Studies documented that soy protein snacks reduce appetite and also decreases the sugary snacks consumption among adults. High soy protein breakfast reduce serum appetite hormone ghrelin [19]. Pulp of Soy containing oligopeptides and high fiber content, has shown to defy angiotensin converting enzyme (ACE) action, specifying systematic proof of lowering blood pressure [20]. The US food and drug administration accepted the claims that the foods containing soy protein are beneficial against coronary heart diseases, and therefore their labeling as protective against coronary heart diseases was approved in October 1990.This decision was based on the studies according to which 25g of soy/ day reduces total cholesterol as well as low density lipoprotein cholesterol. This 25g was divided into 4servings/day, each serving containing 6.25g [12]. Effect of soy protein in cholesterol lowering was studied in humans and reported in 1967. According to the study if hypercholesterolemic men replace mixed protein with isolated soy protein at an intake of 100g/day, it will lower mean cholesterol by less than 2.59mmol/L [21]. Between 1977 and 1994, 38 controlled clinical studies were published, their meta-analysis infers that placing animal protein with soy protein reduces total cholesterol, LDL cholesterol and triglycerides, but has no significant effect on HDL. Daily soy consumption along with diet low in saturated fat resulted 10% reduction in cholesterol, 12% in LDL while 11% in triglycerides. Systematic investigation deduced that replacing animal protein with soy protein lowers total cholesterol, LDL cholesterol and triglycerides in blood [22]. The nutrition committee of American heart association analyzed 22 random trials published since 1999, from among which 19 were carried out with hyperlipidemic was gauged that mean consumption of 50g/day (ranging from 25 to 133g) of isolated soy protein when compared with milk or other protein reduces LDL cholesterol by 3% but has no significant effect on HDL, TG, lipoprotein and blood pressure [13].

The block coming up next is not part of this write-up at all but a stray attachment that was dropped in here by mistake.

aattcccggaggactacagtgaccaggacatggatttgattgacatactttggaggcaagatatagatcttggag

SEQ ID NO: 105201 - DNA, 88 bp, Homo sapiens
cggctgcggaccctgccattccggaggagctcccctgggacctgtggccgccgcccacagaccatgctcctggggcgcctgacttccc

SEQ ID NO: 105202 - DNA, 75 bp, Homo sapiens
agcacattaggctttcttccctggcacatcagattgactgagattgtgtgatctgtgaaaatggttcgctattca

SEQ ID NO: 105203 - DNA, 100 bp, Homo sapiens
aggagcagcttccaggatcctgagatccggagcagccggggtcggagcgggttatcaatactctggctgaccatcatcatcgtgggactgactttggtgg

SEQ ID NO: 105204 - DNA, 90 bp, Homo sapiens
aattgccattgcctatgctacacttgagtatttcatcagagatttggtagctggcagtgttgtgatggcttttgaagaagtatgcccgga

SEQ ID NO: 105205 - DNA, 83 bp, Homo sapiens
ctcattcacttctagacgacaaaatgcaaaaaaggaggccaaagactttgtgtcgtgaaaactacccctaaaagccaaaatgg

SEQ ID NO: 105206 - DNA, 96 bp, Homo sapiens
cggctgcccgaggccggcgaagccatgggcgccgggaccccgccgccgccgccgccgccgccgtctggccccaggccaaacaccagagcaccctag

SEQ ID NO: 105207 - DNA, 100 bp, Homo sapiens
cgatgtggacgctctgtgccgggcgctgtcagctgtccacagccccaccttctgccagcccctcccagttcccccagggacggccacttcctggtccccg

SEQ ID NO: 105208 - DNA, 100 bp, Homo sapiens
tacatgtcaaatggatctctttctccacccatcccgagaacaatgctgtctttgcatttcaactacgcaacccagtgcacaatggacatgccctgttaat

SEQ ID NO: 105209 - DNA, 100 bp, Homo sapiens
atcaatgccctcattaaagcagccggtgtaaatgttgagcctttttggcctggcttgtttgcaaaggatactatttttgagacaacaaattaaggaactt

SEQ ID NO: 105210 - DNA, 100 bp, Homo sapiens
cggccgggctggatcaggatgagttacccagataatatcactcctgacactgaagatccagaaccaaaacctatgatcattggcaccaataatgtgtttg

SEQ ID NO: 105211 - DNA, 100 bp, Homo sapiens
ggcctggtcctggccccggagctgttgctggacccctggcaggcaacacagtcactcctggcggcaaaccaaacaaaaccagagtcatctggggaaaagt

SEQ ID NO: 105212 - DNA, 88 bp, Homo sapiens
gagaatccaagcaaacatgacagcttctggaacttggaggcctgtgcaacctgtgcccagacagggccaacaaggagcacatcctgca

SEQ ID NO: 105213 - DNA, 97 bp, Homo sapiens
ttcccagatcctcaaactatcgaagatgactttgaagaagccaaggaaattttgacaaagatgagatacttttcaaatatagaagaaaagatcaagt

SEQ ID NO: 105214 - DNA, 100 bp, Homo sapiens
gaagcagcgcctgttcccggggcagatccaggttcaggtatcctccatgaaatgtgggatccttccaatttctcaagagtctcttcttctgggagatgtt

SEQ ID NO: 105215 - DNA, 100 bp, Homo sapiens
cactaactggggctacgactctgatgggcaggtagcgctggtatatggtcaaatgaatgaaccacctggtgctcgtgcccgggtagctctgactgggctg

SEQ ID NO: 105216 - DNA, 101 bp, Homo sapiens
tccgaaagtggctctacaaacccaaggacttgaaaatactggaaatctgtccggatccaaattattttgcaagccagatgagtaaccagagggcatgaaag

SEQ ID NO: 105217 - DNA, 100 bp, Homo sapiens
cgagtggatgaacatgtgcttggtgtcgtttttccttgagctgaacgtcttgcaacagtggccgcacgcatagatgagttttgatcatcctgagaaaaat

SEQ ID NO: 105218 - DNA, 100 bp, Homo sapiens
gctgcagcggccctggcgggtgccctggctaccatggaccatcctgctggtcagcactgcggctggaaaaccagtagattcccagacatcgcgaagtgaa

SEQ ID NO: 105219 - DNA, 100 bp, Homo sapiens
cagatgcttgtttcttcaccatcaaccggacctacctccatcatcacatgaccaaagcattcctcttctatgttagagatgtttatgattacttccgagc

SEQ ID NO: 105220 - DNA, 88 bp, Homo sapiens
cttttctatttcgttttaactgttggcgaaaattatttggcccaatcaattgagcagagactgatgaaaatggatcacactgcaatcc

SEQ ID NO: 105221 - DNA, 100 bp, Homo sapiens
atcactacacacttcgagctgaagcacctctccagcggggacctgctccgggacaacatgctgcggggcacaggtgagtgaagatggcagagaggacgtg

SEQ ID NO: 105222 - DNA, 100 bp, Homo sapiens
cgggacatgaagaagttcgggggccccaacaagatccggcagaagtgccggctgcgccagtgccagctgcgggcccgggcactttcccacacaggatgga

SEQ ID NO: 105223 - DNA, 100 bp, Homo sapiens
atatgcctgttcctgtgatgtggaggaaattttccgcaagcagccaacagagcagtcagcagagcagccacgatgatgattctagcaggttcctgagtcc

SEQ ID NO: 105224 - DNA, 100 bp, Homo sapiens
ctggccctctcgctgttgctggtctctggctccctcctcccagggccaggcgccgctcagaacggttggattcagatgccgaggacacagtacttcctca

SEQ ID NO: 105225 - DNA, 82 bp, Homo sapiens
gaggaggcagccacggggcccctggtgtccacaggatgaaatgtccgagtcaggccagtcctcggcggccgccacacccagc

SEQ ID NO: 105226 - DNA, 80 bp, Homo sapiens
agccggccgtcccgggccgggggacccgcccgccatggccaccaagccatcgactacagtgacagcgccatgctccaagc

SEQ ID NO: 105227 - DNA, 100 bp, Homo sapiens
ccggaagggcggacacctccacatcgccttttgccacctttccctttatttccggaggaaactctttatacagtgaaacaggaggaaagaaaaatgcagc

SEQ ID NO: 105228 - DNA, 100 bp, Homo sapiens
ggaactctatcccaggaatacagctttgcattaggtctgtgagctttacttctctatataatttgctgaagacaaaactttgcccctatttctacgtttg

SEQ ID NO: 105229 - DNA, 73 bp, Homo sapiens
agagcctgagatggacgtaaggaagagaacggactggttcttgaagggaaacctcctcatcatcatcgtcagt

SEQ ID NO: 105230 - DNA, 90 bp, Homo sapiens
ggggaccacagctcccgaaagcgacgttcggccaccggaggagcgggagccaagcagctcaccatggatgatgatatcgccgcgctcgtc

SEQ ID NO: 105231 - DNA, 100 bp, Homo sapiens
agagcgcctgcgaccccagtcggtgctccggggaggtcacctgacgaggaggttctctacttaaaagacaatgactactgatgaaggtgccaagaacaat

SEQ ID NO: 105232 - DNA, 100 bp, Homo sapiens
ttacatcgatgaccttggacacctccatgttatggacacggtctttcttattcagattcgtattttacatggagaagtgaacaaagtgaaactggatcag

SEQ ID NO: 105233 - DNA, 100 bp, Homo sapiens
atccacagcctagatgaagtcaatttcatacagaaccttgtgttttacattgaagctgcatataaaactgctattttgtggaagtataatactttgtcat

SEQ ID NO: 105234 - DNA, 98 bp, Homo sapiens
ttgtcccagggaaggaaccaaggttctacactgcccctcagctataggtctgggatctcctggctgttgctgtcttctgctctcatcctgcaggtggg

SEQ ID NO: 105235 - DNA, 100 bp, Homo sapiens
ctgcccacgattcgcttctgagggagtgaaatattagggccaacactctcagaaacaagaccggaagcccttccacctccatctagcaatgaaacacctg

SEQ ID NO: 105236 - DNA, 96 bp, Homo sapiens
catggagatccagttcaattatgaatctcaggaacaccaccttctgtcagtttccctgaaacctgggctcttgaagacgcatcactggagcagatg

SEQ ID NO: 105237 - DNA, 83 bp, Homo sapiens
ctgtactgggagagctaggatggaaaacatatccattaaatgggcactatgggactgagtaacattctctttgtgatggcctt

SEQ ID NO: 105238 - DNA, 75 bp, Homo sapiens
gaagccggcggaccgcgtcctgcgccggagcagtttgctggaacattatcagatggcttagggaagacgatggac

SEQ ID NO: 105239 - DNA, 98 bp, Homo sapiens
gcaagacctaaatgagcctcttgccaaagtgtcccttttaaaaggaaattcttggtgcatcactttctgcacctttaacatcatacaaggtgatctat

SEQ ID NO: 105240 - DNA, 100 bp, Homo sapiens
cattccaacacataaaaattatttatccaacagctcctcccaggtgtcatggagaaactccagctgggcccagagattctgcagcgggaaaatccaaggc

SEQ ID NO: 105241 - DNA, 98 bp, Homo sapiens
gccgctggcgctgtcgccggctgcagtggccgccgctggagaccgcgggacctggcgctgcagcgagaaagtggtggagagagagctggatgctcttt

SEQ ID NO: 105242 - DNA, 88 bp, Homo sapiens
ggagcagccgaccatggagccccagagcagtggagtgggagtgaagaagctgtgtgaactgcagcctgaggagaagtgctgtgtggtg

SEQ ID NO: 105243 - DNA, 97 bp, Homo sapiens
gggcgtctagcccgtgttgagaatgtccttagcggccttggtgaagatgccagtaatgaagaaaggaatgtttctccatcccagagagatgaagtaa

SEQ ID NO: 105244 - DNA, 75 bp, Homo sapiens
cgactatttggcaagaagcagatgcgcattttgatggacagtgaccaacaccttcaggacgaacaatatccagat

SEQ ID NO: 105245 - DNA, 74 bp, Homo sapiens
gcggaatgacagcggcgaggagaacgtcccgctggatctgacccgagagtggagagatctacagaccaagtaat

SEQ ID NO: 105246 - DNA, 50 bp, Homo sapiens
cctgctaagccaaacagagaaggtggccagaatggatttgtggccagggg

Hypoglycemic Effect of Soy

Diabetic patients have increase blood glucose concentration either due to the reduce production of insulin by β-cell of pancreas or due to the action of the insulin Hyperglycaemia increases the risk of coronary heart diseases and atherosclerotic lesion. Isoflavones effect on glycaemic control Other component of soy food (fiber, saponin, polyscharides) has also glucose lowering effect Isoflavones in soy protein decreases islet of Langerhans ẞ-cell loses and increases antioxidant activity [23]. Genistien as isoflavones genistien is an isoflavone, naturally occurring in many plants and it’s has antioxidative activity it inhibits tyrosine kinases and improve insulin secretion by increasing the production of ẞ-cells. Glucose stimulate insulin secretion and protect from program cell death through mechanism [24]. In postmenopausal women insulin sensitivity increases by consuming 54mg purified isoflavones genistien for one year and also reduce the chance of osteoporosis [5].

Effect of Soy on Inflammation and Obesity

Immune responses (Figure 1) utilize growth factors, prostaglandins, and cytokines. Healthy endothelial cell transfers into disease tissue. Soy isoflavones genistien is anti-inflammatory and antioxidative activity it suppresses the inflammatory gene expression and protect endothelial damage [25]. In obese postmenopausal women isoflavones extract rise the level of leptin, adiponectin and tumour necrosis factor alpha after supplementation for six months [26]. In soy protein Glycine and amino acid inhibit inflammatory pathways in rats and increases antioxidative activity [27]. In obesity (Figure 2) adipocytes secrete inflammatory cytokines and chemokine’s that enhance pro-inflammatory state and also promote insulin resistance and low adiponectin levels [28]. Isoflavones reduce trunk fat cell, leptin concentration and serum lipid levels. Post-menopausal obese women take 75mg isoflavones for 1 year and reduce body fat mass [29]. Biologically mobile soy peptide has hypercholesterolemic effect through LDL-C receptors and bile acid ruling. 25g soy lower risk of heart disease. Soy protein provide defense against Low density lipoprotein cholesterol, free radical damage, endothelial damage and also from kidney disturbance [30]. Soy proteins phytoestrogens are diphenolic similar to mammalian estrogen are Genistien, daidzien, glycitein and exert physiological influences >1000-folds as compare to endogenous estrogen [31].